effect that any particular testimony might have on the outcome 
of any given trial.''
    As a crime against the state, perjury was directly 
described as a high misdemeanor at its inception in 15th 
century England. The high misdemeanor description of perjury is 
significant. While considered a serious offense, perjury was 
not labeled a felony because the common law courts would have 
commanded exclusive jurisdiction. Instead, perjury was 
classified as a ``high misdemeanor.''
    In Hourie v. State, the Maryland Supreme Court gives us an 
historic perspective on what it called the ``high misdemeanor 
of perjury.'' The court said that, ``The phrase `high 
misdemeanor' connoted a new crime that was just as grave, in 
terms of its social consequences and in terms of its potential 
punishment, as the more ancient felonies themselves.''
    When State governments were first being established in the 
early days of the American Republic, perjury also was regularly 
listed in their constitutions as a ``high crime or 
misdemeanor,'' or some very similar phrase.
    The Kentucky Constitution, ratified in 1792, for example, 
stated that, ``Laws shall be made to exclude from suffrage, 
those who shall thereafter be convicted of bribery, perjury,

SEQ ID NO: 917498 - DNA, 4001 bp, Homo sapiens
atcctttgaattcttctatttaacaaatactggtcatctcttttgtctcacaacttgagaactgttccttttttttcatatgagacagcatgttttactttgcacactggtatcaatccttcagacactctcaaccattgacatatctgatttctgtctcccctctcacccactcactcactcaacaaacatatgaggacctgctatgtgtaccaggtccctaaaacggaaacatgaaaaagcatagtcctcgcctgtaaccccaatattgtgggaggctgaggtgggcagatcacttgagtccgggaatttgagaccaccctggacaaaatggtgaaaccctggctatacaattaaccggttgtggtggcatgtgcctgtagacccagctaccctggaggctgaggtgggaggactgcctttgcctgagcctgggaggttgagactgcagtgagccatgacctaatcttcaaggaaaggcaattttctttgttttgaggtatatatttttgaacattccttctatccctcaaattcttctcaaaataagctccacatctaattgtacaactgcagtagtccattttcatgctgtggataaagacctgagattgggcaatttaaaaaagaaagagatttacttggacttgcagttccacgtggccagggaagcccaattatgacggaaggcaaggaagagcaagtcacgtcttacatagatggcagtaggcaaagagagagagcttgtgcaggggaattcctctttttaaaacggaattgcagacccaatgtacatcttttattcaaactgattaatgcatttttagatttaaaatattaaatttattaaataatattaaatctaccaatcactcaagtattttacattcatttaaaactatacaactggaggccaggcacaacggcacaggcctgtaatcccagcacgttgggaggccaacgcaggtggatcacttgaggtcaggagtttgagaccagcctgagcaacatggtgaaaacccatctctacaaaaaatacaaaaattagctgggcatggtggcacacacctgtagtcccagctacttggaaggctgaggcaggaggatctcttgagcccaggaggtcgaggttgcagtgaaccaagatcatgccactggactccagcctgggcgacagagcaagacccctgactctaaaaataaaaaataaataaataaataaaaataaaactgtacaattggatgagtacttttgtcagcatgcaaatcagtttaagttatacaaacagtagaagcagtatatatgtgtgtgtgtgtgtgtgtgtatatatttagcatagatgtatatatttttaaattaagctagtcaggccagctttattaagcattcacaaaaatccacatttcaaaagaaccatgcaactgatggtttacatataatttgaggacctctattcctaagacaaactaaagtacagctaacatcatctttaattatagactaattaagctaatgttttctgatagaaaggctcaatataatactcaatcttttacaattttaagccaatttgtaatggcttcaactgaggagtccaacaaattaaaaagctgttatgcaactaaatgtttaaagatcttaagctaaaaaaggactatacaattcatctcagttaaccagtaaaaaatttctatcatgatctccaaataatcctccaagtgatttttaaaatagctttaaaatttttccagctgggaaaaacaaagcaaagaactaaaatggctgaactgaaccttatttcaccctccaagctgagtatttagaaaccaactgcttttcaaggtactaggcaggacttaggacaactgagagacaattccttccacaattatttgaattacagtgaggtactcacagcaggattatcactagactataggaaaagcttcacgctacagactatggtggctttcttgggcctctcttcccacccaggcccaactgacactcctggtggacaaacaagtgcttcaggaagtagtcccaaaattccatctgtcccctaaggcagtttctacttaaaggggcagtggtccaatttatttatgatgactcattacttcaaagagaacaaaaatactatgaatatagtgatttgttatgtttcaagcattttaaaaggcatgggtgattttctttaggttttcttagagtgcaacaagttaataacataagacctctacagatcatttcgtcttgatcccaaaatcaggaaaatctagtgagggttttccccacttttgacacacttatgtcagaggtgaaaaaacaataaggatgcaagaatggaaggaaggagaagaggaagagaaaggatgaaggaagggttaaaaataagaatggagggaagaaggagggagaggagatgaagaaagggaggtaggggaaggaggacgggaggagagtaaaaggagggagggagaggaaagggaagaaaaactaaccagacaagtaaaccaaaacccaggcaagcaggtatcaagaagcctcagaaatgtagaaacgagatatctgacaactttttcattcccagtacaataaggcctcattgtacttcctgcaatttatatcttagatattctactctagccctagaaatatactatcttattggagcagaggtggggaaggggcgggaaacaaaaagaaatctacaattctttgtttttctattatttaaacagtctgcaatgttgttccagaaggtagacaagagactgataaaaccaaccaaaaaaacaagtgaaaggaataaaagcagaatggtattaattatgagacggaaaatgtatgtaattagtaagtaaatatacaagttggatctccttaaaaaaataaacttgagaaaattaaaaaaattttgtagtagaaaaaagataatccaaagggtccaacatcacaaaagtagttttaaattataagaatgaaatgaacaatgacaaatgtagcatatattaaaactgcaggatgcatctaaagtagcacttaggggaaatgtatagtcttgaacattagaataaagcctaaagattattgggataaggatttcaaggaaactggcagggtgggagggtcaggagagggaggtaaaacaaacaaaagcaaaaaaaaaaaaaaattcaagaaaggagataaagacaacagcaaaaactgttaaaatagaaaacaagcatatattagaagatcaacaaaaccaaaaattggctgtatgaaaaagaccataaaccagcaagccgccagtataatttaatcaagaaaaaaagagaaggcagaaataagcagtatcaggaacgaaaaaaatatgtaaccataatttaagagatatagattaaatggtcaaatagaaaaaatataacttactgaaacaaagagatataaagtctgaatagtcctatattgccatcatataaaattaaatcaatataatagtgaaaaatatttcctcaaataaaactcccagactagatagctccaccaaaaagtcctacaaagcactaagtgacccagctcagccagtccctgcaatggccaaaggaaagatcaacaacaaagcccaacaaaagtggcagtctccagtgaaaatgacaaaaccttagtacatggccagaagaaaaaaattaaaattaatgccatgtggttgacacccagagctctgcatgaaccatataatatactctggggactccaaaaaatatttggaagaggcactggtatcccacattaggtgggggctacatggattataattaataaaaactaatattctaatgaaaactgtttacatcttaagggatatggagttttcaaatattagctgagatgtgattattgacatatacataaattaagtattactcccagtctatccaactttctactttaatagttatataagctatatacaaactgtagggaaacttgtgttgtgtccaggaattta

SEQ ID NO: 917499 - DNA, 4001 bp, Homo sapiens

forgery, or other high crimes or misdemeanors.''
    The House and Senate have impeached Federal judges for 
perjury. Strong evidence exists that President Clinton may have 
committed perjury, and the historic record clearly demonstrates 
that perjury can be an impeachable offense.
    Based on the facts and the law, I have concluded that this 
committee has a constitutional duty to proceed to a formal 
impeachment inquiry. It is my sincere hope that we can proceed 
and work together in a bipartisan fashion to complete this task 
as expeditiously as possible, and do what is in the best 
interests of our country.
    Mr. Hyde. The gentleman's time has expired.
    The distinguished gentleman from Massachusetts, Mr. 
Delahunt.
    Mr. Delahunt. Thank you, Mr. Chairman.
    Many references have been made today to the conduct of the 
President. The issue before us today is not just about the 
conduct of the President. The real issue, the overriding issue, 
is how this committee will fulfill its own responsibilities at 
a moment of extraordinary constitutional significance.
    Some 3 weeks ago the Independent Counsel, Mr. Starr, 
referred information to Congress that he alleged may constitute 
grounds for impeaching the President. But it is not the 
Independent Counsel who is charged by the Constitution to 
determine whether to initiate an impeachment proceeding. That 
is our mandate. He is not our agent, and we cannot allow his 
judgments to be substituted for our own, or we will fail in our